Mehring argues. indeed. the To the People of New York City suite. I couldn’t help but recognize in their painted metal surfaces echoes of the Porsche logo. but her focus is much more on its obverse: Palermo’s “deGerman-ing” of his precursors and influences via his enthusiastic and idiosyncratic engagement with American art. and the historicity of his work emerges from this specifically postwar German misprision. which calls to mind the German automobile industry’s role in the economic miracle and its inseparable relationship with German warfare (recall the BMW logos in Hannah Höch’s Das schöne Mädchen). There is a story here about postwar German culture and the tabula rasa that the post-Marshall Plan economic reconstruction represented. arguing instead that the color scheme borrowed from Navajo sand painting and reflected Palermo’s exotic conception of America—no doubt spurred on by his contact with land artists such as Walter de Maria through his gallerists Heiner Friedrich and Konrad Fischer. Newman. particularly given the important role the author has accorded to Palermo’s relationship (or lack thereof) to the German nation and her historicizing of the Stoffbilder within the context of postwar commodity capitalism. misreads the work of a wide gamut of postwar American artists. Palermo. This elision of the Germanness of To the People in favor of Palermo’s search for America is symptomatic of the manner in which Mehring’s reading of Palermo’s works ultimately works in the service of painting a portrait of the artist. . and the more systems-oriented of the Conceptualists. even though this narrative frame is of a secondary importance to her text’s greatest strength: its engaged historicizing of his work. the suite’s epistolary title itself seems to parallel the address of Germany’s burgeoning export industry. in which Mehring gives scant attention to Palermo’s use of the colors of the German flag for his color scheme. Too much can be said about the ambivalence of To the People’s invocation of the German flag to merely relegate it to a cursory mention. in tracing Palermo’s flight from the Germanic—he literally left Germany for New York in 1973—reveals its own predilection to do the same. Upon first seeing these paintings reinstalled at Dia:Beacon.IVC #16 Book Reviews. At the same time. Mehring’s text. Abstraction of an Era paints the picture of a German artist who would not be German. 111 made commercial fabrics Mehring associates with the emergent commodity capitalism. the Minimalists. Most revealing is her analysis of Palermo’s pivotal late work. Mehring gives us something of this story between the lines. most notably Rothko.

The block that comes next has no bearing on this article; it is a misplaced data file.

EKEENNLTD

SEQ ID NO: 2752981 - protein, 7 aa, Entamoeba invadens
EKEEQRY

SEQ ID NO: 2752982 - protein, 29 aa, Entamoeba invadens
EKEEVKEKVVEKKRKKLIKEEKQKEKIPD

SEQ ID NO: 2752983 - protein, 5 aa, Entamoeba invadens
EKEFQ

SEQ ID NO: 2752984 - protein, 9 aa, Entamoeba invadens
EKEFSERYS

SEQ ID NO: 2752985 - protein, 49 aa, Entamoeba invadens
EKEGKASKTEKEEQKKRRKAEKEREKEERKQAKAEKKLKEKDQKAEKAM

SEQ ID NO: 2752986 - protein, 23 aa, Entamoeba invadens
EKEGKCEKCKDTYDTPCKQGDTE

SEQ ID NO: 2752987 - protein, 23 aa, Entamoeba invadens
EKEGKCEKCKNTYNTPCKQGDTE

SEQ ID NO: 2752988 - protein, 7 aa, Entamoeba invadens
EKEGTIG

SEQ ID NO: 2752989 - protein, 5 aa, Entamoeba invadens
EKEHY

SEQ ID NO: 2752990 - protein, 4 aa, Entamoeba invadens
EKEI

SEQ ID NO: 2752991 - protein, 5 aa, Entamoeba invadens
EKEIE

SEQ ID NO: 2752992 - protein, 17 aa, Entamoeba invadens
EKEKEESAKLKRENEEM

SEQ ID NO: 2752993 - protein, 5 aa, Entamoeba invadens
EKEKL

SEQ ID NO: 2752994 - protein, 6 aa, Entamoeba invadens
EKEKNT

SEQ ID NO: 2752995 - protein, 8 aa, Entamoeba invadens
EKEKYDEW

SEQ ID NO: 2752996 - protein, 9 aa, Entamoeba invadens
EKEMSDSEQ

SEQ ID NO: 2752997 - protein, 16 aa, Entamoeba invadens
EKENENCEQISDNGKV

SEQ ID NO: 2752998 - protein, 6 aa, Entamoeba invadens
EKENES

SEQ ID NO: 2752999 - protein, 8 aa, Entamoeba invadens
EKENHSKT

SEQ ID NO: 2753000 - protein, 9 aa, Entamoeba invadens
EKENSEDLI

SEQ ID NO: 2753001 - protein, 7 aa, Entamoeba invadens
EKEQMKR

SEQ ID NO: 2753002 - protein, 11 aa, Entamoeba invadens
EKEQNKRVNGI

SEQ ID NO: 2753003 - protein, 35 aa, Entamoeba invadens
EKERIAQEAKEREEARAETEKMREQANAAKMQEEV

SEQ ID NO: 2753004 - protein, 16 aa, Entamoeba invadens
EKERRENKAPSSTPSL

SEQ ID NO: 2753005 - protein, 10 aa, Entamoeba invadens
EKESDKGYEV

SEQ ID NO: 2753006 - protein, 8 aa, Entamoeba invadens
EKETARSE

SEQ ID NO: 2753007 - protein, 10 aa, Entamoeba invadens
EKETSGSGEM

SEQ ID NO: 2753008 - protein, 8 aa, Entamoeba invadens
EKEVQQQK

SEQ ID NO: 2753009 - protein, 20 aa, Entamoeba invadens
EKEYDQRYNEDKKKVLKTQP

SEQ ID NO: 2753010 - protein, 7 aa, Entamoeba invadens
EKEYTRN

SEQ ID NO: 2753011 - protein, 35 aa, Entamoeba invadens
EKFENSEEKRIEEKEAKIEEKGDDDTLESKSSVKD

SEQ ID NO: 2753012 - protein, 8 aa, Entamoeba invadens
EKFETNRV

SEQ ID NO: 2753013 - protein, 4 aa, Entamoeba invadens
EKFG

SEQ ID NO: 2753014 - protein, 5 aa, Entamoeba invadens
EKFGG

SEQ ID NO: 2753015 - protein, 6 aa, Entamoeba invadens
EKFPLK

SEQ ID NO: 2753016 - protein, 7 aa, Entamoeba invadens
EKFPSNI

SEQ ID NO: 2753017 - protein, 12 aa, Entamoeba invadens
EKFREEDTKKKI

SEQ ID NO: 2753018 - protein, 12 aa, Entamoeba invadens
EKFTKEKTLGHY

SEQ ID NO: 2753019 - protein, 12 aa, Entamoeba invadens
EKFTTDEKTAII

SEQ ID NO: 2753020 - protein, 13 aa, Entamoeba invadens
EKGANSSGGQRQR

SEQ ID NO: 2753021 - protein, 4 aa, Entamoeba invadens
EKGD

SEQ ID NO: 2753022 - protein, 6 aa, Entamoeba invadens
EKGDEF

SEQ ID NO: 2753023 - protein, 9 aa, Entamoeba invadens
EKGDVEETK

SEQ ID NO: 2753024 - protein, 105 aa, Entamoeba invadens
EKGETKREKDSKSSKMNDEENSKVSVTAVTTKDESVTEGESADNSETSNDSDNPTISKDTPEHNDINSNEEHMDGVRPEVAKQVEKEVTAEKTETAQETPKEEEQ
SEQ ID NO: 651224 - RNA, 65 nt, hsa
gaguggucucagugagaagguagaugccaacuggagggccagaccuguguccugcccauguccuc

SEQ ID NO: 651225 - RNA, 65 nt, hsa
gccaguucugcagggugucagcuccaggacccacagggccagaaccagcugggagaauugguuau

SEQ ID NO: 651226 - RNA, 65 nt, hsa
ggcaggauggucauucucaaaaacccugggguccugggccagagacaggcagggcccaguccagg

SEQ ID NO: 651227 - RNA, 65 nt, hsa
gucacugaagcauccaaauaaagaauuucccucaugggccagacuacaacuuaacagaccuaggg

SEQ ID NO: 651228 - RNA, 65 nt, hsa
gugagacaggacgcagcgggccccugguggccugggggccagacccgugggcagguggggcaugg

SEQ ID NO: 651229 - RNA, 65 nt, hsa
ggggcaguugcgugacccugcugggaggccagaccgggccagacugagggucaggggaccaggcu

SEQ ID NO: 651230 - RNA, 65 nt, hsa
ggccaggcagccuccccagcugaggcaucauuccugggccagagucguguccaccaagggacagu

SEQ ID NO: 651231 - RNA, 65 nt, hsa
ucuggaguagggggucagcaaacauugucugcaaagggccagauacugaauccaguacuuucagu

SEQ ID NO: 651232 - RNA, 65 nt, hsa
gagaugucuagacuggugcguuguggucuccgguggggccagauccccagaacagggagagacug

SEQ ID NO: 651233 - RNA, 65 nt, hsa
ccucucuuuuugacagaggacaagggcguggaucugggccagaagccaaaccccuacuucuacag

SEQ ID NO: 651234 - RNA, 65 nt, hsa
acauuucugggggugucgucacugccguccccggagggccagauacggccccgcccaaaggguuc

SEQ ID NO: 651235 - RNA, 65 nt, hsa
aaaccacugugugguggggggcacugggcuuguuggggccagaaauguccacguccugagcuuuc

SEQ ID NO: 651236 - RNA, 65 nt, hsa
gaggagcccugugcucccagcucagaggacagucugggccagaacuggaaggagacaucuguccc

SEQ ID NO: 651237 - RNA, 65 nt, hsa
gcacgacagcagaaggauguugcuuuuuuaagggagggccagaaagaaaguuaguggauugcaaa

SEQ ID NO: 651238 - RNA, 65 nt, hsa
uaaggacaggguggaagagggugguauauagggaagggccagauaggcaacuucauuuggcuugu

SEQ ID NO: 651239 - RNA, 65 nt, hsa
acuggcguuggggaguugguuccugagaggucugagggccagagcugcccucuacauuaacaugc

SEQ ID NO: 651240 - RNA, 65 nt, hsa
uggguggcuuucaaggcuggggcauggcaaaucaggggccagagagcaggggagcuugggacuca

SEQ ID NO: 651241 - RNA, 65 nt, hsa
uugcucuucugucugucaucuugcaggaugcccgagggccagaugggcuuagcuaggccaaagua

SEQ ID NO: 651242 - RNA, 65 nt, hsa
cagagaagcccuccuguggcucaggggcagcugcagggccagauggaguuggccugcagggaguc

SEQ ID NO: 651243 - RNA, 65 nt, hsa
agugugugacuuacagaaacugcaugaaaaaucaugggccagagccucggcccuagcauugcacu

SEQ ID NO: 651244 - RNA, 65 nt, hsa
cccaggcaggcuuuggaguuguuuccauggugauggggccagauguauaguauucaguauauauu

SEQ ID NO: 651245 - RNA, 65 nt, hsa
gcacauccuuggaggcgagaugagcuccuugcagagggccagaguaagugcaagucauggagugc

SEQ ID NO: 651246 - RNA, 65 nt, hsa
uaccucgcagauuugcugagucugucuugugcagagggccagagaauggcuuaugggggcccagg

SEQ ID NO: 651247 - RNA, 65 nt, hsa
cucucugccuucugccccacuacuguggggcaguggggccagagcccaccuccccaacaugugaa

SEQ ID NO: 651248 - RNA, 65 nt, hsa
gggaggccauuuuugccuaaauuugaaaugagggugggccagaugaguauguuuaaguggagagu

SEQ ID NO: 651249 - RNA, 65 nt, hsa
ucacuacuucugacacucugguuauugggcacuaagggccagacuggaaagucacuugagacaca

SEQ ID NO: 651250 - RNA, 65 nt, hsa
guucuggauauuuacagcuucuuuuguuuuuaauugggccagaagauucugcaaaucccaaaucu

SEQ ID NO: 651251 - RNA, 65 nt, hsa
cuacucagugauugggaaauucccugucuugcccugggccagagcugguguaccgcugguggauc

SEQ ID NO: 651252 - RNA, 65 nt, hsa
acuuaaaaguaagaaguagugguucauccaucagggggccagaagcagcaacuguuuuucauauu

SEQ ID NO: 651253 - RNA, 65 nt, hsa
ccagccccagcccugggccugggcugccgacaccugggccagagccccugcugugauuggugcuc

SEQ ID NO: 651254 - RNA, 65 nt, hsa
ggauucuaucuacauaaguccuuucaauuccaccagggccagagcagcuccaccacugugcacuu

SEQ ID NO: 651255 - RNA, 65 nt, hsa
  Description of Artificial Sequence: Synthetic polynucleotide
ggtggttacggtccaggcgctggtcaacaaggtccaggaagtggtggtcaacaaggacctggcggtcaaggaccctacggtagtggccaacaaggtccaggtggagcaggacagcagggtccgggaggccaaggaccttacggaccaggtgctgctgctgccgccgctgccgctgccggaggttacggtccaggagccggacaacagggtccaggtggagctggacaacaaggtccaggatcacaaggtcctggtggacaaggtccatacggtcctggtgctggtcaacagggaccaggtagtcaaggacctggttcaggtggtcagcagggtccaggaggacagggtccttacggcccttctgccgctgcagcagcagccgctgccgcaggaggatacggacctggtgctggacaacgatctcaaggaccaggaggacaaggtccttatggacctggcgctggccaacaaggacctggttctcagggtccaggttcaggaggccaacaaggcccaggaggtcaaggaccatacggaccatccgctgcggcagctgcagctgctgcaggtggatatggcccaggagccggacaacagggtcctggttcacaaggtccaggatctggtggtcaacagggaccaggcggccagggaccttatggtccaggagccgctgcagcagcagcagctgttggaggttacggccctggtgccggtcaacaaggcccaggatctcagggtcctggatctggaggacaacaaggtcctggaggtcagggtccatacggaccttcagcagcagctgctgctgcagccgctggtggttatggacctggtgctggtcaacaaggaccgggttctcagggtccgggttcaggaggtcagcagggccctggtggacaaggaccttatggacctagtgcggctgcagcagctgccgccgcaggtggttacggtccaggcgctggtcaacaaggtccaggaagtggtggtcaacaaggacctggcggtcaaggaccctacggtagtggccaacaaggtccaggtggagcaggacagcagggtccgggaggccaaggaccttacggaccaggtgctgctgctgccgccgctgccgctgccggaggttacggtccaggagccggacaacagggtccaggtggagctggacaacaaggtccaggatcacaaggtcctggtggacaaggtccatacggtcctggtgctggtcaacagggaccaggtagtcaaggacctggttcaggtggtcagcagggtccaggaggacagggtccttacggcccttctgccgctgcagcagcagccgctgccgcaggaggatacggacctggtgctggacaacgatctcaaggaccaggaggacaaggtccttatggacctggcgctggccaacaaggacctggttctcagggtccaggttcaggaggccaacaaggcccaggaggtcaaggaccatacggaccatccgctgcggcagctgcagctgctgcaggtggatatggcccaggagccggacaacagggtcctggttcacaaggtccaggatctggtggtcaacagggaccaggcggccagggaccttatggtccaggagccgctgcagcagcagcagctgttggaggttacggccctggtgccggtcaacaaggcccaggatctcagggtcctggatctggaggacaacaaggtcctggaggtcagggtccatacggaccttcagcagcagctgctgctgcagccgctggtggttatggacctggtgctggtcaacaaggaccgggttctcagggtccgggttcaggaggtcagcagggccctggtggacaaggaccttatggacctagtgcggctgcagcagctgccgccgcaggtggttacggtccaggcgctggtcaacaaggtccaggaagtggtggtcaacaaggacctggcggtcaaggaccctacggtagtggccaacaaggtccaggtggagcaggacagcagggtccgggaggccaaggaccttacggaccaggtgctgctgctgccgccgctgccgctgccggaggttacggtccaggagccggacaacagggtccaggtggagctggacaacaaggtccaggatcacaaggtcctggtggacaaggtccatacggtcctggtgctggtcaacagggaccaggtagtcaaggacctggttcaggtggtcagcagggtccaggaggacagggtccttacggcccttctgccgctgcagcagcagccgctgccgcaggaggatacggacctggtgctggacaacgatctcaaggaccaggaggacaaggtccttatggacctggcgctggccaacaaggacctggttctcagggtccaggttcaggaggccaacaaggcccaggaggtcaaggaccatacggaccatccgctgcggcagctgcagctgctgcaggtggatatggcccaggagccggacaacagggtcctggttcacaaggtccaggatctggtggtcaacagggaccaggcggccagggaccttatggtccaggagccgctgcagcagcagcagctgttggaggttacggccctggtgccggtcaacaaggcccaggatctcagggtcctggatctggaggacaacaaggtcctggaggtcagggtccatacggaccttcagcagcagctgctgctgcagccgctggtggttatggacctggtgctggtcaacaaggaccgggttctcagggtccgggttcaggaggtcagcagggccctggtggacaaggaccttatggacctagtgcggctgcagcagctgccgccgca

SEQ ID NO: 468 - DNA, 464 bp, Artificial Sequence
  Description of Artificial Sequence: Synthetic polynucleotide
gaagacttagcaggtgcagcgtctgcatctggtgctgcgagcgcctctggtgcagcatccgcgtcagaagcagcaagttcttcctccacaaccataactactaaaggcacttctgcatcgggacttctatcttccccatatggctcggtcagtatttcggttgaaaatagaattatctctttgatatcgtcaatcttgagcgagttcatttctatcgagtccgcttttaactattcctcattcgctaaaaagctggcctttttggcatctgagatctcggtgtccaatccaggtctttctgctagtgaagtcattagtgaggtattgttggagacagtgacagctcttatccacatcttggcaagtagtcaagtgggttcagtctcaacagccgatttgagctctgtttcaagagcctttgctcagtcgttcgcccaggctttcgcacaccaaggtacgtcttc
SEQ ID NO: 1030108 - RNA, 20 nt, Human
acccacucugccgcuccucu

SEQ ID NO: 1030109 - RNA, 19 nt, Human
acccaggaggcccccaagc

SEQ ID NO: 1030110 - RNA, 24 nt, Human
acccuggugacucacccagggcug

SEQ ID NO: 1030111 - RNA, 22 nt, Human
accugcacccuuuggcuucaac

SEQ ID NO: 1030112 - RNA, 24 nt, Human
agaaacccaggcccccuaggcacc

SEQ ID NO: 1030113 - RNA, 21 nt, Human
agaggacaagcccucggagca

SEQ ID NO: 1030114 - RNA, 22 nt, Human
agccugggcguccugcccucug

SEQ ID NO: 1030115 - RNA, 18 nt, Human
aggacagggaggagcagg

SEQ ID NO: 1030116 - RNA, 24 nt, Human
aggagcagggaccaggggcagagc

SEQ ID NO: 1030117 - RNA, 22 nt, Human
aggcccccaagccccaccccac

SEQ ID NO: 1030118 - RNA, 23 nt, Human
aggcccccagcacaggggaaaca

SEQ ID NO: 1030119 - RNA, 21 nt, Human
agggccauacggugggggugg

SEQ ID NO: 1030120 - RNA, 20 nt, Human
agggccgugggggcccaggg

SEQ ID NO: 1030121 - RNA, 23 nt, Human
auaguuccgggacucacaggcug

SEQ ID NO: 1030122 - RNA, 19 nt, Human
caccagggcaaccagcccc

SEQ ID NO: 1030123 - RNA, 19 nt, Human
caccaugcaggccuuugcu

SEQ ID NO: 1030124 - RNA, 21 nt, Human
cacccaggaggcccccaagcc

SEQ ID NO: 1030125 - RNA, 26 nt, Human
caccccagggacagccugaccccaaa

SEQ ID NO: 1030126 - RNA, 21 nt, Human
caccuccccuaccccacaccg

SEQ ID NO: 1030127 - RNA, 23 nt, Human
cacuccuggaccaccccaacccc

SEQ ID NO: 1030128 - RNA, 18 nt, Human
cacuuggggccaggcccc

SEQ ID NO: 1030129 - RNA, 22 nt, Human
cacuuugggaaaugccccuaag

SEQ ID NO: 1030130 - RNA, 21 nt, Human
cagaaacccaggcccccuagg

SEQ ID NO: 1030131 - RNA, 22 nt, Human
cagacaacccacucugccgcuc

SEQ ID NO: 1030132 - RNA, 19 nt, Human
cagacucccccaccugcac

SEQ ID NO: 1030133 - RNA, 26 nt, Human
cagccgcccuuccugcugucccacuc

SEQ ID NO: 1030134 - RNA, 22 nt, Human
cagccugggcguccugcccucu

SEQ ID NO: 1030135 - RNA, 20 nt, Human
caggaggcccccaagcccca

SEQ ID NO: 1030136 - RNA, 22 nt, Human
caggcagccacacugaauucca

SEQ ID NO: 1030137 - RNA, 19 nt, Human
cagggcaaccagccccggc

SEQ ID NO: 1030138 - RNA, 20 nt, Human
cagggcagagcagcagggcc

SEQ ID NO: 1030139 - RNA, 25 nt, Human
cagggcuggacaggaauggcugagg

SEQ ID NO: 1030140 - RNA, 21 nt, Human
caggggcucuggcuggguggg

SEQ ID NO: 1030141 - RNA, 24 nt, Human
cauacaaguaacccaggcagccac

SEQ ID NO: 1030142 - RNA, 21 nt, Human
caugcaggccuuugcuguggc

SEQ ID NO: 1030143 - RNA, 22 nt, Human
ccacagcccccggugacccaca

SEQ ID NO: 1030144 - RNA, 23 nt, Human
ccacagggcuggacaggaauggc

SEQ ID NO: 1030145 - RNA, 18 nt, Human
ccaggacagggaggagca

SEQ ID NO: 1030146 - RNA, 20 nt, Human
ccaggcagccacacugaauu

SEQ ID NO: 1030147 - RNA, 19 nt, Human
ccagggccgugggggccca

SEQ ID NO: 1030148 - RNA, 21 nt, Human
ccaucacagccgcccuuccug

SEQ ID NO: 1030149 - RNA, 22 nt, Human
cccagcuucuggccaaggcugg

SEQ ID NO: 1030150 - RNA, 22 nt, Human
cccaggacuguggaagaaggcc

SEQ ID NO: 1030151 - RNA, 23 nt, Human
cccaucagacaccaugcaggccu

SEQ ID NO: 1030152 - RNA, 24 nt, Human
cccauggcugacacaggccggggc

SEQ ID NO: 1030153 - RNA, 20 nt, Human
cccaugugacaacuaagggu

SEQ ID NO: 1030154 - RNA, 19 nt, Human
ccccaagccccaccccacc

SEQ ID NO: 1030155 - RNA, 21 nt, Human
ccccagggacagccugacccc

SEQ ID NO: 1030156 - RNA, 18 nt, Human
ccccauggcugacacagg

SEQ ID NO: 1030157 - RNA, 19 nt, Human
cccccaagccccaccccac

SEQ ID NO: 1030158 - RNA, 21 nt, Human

to this reader at least. as his concentration on process had always resulted in paintings in which white paint revealed its application in concert with its support.” in Eva Hesse Drawing. however. with which materials. Industrializing Color. Buchloh. .8 The following passage can be taken as a kind of mission statement for Hudson’s text: Ryman opens the material and conventional dimensions of painting to a different kind of medium-specificity [from that of Clement Greenberg and mainstream American Modernism] that involves a narrow-band infinitude of provisional answers to questions of what makes a painting. Taken together. Charles Sanders Peirce. or otherwise prescribed next step—but a zone of uncertainty to be explored (145). how it is made. “Kelly’s Matrix: Administering Abstraction. the limits of painting (“Edge”). The Ryman we get from Used Paint emerges surprisingly from the discourse of American pragmatism. 2003). articulating the early influence of Barr and D’Amico through the perspective of such thinkers as John Dewey. the conventions of painting (“Support”). The four main sections of Used Paint concentrate respectively on process (“Paint”). were never until this point monochromes. His paintings. and the site of exhibition (“Wall”). necessary. 112 As previously stated.IVC #16 Book Reviews. and indeed to pay too much attention to the white paint instead of what Ryman does with it would be. to miss the point. Hudson’s text takes on the biographical convention of the monograph from the opposite direction. according to Hudson’s argument.” in Ellsworth Kelly: Matrix (New York: Matthew Marks Gallery. Hudson’s inquiry begins with the provocative claim that Ryman never produced a white painting until 2003. The point of Ryman’s work. ed. [T]his implies not a teleology—an obvious. she argues. Catherine de Zegher (New Haven. and why. See: Buchloh. 2006). . and “Hesse’s Endgame: Facing the Diagram. . a more likely bedfellow would be Jacques Derrida. these inextricable strands of Ryman’s practice constitute an investigation of painting as a matrix: a field of possibility delimited by pre-existing formal and discursive conventions. Hudson offers a fresh and engaging take on Ryman’s work. This is not to criticize Used Paint. then. . is neither about reducing painting to mute whiteness (as in the Minimalist interpolation of Ryman) nor the idea of “blank” paintings (as in the Conceptualist misreading).D. The text sets out to dispel all the falsehoods of what we think we know about Ryman. 8 This concept of the matrix is usually attributed to Benjamin H. and William James when. CT: Yale University Press.